Breton spoke Friday during a visit to a plant in northeastern Spain where the vaccine developed by the pharmaceutical company Janssen, a subsidiary of Johnson & Johnson, is being bottled. It is one of four vaccines approved for use in the EU.

Across the bloc, 52 factories are currently churning out vaccines, according to Breton. He says the EU will be producing 2 or 3 billion doses by end of year, making it the world’s top vaccine manufacturer, and allow 70% of the EU population to be inoculated by mid-July.

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BEIJING — Chinese officials have briefed diplomats in Beijing on the research into the origin of COVID-19, ahead of the expected release of a long-awaited report from the World Health Organization.

The briefing appeared to be an attempt by China to get out its view on the report. The U.S. and others have raised questions about Chinese influence and the independence of the findings, and China has accused critics of politicizing a scientific study.

The report is based on a visit by WHO team of international experts last month to Wuhan, the city in China where COVID-19 cases were first reported in late 2019.

The experts worked with Chinese counterparts and both sides must agree on the final report. It’s unclear when it will come out.

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BUCHAREST, Romania — New restrictions will start Friday in Romania as the country faces a surge of coronavirus infections amid a third wave of the coronavirus.

This week Romania has recorded its highest number of daily infections in three months, hospital intensive care units have reported record patient numbers and more than 600 people have died of the coronavirus in the last five days.

Officials are tightening restrictions in localities based on the coronavirus incident rate to try to slow the spread while avoiding a complete lockdown.

Six counties in Romania are currently above the four in 1,000 threshold, while only the western Timis County is above 7.5. In Bucharest, the infection rate reached 6.67 on Friday.

Romania has recorded more than 926,000 cases and 22,835 confirmed deaths. It has administered 2.6 million doses of vaccine.

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KRNJACA, Serbia — Serbia has started vaccinating migrants amid a coronavirus outbreak despite a widespread inoculation campaign.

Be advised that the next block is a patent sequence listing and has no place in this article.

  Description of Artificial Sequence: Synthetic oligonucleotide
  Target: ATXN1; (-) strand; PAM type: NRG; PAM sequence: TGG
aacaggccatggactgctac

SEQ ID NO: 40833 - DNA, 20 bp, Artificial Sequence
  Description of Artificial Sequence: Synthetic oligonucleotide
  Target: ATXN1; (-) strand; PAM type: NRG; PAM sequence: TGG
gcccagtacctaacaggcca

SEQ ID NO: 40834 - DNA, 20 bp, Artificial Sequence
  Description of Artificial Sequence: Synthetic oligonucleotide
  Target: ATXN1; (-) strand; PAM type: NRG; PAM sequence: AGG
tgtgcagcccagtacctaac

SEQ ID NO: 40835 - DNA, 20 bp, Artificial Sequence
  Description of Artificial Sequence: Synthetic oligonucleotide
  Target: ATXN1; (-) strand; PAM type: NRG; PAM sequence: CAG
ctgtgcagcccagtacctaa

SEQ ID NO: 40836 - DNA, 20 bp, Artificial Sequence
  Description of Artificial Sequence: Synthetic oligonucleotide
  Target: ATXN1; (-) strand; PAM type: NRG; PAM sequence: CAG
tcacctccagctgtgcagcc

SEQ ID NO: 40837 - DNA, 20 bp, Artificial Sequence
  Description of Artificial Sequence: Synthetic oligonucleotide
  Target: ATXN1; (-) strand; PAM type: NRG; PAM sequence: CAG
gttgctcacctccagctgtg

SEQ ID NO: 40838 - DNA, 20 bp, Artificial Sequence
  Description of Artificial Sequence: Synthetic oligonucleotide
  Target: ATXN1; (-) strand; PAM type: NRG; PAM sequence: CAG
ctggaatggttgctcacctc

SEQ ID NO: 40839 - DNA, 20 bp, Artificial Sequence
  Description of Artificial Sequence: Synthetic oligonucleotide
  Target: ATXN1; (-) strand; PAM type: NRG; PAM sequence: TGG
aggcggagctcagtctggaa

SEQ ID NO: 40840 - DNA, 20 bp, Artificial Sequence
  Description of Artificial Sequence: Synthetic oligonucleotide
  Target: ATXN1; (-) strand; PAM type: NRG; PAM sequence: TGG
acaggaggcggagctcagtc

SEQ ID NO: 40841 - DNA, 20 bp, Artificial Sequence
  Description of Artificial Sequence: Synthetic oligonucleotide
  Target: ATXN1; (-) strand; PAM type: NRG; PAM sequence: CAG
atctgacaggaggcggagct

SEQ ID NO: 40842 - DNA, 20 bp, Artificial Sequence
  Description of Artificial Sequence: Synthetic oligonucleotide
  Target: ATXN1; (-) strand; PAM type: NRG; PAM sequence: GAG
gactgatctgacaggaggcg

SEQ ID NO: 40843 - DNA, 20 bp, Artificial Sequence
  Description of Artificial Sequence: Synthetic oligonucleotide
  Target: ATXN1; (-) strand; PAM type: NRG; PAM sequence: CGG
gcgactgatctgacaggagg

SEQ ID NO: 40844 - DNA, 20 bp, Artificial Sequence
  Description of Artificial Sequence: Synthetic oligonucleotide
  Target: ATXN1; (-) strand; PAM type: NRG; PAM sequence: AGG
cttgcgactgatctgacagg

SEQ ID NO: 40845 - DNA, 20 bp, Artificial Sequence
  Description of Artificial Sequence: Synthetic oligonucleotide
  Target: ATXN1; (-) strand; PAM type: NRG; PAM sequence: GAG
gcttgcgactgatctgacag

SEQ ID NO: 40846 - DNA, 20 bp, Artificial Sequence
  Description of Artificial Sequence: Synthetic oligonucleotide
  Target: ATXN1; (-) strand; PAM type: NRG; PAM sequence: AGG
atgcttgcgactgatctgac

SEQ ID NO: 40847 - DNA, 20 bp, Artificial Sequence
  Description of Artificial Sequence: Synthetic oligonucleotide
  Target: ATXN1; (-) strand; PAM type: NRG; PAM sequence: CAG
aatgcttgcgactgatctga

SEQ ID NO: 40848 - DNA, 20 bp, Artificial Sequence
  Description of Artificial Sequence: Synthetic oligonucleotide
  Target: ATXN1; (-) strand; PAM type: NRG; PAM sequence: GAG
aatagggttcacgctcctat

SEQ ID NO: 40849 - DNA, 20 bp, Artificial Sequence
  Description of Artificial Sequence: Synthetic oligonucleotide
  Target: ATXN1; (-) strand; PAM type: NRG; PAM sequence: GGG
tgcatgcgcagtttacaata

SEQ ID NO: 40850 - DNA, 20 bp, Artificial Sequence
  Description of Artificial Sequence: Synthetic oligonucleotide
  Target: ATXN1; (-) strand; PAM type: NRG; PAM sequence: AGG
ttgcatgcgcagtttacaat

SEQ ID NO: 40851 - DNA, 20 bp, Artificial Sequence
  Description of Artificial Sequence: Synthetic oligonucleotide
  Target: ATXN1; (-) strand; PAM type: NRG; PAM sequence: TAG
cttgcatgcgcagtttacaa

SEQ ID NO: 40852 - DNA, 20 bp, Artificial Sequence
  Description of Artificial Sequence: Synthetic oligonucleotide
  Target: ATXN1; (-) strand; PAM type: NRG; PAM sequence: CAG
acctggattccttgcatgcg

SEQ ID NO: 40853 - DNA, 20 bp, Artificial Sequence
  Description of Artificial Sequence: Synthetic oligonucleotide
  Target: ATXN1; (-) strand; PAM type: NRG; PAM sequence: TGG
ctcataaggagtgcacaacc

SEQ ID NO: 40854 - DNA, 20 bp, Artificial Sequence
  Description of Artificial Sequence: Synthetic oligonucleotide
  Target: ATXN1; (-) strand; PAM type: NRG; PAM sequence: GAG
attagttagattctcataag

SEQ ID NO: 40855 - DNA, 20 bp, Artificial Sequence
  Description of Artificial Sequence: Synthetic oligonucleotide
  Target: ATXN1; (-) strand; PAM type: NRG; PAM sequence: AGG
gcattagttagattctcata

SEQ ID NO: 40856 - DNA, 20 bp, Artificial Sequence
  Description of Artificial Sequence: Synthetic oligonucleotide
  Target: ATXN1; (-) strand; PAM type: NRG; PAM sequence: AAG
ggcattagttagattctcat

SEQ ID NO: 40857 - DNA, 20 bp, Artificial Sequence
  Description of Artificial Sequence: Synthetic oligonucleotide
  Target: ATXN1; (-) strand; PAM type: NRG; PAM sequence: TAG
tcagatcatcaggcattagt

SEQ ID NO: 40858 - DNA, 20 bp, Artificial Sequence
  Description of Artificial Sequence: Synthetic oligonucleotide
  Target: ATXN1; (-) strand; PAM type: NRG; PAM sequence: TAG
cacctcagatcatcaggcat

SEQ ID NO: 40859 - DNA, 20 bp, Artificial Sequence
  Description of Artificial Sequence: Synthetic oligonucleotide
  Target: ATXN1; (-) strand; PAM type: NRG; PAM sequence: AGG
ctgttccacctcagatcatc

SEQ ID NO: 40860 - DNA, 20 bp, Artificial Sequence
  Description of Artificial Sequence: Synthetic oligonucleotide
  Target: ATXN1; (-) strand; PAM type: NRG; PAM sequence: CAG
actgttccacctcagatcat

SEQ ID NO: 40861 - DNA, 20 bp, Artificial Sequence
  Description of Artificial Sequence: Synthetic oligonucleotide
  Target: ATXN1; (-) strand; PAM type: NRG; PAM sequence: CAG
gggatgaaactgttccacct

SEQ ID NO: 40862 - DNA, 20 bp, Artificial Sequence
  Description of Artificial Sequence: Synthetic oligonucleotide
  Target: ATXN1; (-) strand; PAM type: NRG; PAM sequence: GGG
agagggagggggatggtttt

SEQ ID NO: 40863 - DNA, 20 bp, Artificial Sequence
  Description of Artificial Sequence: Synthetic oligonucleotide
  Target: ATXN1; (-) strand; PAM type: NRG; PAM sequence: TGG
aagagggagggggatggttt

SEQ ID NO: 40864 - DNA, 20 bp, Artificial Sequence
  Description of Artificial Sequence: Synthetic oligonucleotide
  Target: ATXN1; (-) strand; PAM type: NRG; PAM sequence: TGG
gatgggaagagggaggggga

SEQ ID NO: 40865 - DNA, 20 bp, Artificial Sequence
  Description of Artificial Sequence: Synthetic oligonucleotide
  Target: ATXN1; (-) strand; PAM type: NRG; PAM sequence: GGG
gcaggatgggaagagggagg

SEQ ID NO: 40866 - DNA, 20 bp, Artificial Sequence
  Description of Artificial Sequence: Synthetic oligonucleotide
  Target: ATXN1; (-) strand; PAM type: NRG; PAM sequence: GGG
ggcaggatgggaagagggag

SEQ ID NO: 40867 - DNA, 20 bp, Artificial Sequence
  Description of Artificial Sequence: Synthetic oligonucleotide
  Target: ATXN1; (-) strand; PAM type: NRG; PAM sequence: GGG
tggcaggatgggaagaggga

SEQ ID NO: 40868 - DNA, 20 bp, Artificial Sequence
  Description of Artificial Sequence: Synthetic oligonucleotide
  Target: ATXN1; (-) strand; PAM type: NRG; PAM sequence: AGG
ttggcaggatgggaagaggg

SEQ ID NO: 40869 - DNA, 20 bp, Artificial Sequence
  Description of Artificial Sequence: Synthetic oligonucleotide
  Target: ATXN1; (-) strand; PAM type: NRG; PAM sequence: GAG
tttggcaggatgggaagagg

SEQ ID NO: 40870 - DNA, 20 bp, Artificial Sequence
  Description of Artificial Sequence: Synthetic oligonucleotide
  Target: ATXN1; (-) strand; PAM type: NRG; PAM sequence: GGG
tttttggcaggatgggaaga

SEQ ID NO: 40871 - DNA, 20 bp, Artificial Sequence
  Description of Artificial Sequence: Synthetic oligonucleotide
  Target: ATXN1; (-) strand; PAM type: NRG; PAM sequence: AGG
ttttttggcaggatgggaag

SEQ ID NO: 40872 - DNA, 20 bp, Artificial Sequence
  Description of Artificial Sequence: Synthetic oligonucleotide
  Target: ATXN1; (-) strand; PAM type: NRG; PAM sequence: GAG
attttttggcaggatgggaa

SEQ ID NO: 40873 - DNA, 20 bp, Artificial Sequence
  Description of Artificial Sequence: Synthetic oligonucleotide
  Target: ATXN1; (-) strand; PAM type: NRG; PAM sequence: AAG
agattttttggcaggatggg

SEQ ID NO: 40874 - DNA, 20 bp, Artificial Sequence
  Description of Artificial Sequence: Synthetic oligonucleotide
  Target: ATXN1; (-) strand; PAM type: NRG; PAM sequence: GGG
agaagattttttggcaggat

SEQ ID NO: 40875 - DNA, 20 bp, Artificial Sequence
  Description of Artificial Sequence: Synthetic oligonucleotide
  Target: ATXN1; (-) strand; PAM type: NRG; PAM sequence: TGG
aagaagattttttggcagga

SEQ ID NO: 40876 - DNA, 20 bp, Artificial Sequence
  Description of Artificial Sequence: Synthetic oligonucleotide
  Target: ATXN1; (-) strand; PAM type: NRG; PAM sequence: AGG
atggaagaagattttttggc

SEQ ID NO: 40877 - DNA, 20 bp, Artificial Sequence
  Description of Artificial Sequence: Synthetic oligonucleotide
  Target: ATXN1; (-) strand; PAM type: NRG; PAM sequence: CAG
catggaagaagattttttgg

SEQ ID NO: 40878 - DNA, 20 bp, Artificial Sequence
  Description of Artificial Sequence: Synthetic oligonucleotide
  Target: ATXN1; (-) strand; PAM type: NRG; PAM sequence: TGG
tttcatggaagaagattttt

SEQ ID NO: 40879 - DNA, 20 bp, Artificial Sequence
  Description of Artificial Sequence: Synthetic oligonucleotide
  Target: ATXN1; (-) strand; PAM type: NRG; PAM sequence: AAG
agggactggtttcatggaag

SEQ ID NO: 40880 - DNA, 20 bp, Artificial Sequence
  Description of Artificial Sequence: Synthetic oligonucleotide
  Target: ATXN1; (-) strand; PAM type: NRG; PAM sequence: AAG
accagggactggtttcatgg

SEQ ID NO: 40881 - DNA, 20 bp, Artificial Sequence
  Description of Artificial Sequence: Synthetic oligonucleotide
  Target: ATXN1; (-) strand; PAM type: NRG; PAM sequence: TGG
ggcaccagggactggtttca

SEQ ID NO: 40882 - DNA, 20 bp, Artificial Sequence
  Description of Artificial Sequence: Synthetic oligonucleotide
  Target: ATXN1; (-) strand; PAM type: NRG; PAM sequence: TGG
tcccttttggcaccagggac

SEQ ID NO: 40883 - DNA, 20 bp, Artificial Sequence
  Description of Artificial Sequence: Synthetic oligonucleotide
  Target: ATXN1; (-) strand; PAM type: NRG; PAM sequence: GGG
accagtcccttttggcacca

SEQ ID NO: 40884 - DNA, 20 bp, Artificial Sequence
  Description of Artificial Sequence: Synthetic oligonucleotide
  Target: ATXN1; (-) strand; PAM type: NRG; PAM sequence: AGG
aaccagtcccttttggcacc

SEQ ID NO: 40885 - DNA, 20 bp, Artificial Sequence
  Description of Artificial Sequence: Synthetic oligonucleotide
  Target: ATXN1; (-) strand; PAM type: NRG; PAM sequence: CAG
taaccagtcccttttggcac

The first of some 530 registered migrants who have applied for the coronavirus shots received their first doses of the AstraZeneca jabs in a suburb of Serbia’s capital Belgrade on Friday.

Serbia, a top European nation in the number of administered coronavirus shots per capita, is among the first Western Balkan country to start vaccinating migrants who are considered a highly vulnerable group in the pandemic.

Earlier this month, a migrant camp in neighbouring Bosnia experienced a major coronavirus outbreak.

There are thousands of migrants from the Middle East, Africa and Asia stuck in Serbia and Bosnia as they attempt to cross into neighbouring European Union member Croatia on their way to Western nations.

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LISBON, Portugal — Portugal’s government is extending its mandatory work-at-home order through the end of the year due to the coronavirus pandemic.

The government says even if the current state of emergency decree allowing lockdowns is lifted, people must still work from home if they can.

Also, companies must have staggered working hours for staff to avoid large gatherings.

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NEW YORK — Coronavirus contact tracing programs across the U.S. scaled back their ambitions as cases surged in winter, but New York City has leaned into its $600 million tracing initiative.

The city hired more tracers during the holiday season surge and in early March hit its goal of reaching at least 90% of people who test positive, a mark it hadn’t reached since around Thanksgiving. Last week, the number hit 96%.